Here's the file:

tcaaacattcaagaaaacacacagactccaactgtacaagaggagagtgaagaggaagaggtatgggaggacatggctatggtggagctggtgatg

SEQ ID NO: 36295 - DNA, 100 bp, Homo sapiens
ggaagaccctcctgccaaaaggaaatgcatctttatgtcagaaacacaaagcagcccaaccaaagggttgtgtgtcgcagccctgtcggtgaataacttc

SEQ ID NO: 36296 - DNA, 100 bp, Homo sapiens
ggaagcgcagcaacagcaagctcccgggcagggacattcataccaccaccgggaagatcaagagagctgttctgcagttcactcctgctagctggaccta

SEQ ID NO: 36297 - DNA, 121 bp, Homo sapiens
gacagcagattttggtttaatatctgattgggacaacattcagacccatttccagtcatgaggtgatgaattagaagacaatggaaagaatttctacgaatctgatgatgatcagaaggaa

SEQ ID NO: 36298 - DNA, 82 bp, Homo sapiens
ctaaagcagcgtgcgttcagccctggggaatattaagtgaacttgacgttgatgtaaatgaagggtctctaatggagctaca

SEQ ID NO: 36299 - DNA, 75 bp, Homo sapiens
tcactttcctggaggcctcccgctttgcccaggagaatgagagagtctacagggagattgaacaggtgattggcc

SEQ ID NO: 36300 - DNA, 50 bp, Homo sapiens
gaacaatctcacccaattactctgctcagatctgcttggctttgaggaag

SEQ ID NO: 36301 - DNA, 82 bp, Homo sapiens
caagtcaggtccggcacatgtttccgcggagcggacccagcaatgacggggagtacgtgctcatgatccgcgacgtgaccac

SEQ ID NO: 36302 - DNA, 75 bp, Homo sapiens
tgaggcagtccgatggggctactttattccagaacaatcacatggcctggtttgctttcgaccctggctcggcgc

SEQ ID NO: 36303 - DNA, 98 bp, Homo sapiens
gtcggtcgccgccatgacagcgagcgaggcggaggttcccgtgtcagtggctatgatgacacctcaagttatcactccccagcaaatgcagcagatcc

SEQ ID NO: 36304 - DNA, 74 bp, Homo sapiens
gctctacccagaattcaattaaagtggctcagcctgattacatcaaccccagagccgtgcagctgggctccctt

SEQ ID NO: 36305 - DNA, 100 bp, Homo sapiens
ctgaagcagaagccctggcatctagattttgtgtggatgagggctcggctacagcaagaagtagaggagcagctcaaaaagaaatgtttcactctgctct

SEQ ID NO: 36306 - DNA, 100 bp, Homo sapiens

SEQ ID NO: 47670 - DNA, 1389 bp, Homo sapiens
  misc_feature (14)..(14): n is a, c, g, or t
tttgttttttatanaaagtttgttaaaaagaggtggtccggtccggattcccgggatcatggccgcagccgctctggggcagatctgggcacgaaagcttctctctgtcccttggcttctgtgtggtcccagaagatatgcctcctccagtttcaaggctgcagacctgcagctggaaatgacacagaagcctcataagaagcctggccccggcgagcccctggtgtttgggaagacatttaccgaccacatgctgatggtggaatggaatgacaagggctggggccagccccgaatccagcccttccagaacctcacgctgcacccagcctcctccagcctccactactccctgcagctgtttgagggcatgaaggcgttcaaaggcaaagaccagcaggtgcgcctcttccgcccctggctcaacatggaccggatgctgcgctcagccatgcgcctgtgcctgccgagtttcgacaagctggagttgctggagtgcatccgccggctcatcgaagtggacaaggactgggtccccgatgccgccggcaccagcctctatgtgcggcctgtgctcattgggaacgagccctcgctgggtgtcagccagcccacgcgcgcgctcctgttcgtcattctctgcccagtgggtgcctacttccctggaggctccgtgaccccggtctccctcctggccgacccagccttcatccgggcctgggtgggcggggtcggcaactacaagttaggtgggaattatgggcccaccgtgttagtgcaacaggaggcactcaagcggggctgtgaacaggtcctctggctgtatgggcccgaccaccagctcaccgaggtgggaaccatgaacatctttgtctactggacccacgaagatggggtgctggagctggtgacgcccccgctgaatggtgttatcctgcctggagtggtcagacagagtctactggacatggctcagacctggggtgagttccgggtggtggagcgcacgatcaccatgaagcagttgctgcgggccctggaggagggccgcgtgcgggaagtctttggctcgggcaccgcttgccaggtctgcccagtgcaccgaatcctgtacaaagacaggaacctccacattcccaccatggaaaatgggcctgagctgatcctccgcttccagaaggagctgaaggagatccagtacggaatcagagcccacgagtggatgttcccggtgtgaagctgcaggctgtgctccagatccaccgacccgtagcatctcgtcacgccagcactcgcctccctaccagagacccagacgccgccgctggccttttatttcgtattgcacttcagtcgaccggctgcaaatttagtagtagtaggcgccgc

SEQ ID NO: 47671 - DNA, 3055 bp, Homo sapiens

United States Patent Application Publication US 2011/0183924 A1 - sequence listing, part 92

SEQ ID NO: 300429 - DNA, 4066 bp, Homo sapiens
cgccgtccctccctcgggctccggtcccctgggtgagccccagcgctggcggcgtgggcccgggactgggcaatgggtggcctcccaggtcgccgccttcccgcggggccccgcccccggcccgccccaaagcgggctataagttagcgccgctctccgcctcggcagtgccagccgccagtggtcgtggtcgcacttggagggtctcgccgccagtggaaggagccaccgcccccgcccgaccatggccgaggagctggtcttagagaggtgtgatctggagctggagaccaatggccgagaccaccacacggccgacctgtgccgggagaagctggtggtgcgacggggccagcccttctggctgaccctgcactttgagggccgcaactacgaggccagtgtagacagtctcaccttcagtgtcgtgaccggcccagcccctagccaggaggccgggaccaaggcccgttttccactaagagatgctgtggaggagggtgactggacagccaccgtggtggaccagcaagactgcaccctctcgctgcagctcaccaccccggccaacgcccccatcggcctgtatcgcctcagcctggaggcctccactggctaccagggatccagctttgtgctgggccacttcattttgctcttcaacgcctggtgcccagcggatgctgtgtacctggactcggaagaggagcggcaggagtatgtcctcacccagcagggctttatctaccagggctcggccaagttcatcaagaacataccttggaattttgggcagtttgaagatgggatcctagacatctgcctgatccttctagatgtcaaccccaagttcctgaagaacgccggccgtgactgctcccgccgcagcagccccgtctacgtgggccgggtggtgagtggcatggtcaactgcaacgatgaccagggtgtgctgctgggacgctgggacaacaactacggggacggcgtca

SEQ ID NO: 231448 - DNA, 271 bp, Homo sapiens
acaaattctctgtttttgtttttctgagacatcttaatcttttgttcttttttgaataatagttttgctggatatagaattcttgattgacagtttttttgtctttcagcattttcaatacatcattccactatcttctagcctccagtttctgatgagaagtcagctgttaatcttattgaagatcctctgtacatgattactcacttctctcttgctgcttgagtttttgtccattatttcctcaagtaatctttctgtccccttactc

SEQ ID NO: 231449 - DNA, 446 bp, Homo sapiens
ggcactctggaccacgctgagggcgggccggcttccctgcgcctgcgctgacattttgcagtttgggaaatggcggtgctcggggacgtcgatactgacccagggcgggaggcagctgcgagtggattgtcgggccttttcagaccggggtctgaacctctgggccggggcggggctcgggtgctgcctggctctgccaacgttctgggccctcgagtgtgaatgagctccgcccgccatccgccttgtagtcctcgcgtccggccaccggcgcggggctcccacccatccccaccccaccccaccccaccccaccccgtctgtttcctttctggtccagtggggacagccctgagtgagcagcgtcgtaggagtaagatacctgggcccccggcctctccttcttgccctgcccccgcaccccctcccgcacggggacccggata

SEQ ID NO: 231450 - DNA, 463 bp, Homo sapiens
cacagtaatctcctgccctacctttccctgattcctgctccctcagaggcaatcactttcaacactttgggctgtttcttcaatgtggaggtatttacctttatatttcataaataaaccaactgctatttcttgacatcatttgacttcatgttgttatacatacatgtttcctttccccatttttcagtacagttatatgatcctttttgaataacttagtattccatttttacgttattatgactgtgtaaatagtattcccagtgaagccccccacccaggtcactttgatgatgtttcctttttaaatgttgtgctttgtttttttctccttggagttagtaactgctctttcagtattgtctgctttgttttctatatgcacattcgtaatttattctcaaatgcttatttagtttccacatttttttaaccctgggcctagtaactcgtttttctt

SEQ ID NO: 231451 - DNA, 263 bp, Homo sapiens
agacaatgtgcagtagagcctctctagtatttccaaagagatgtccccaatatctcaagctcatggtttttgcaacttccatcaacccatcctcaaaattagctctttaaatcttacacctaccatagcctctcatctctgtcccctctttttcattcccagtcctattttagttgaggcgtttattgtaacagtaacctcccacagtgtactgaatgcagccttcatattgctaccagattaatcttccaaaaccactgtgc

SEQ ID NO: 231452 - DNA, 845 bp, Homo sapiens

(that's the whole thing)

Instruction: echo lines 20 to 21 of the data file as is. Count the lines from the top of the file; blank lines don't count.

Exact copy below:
SEQ ID NO: 36304 - DNA, 74 bp, Homo sapiens
gctctacccagaattcaattaaagtggctcagcctgattacatcaaccccagagccgtgcagctgggctccctt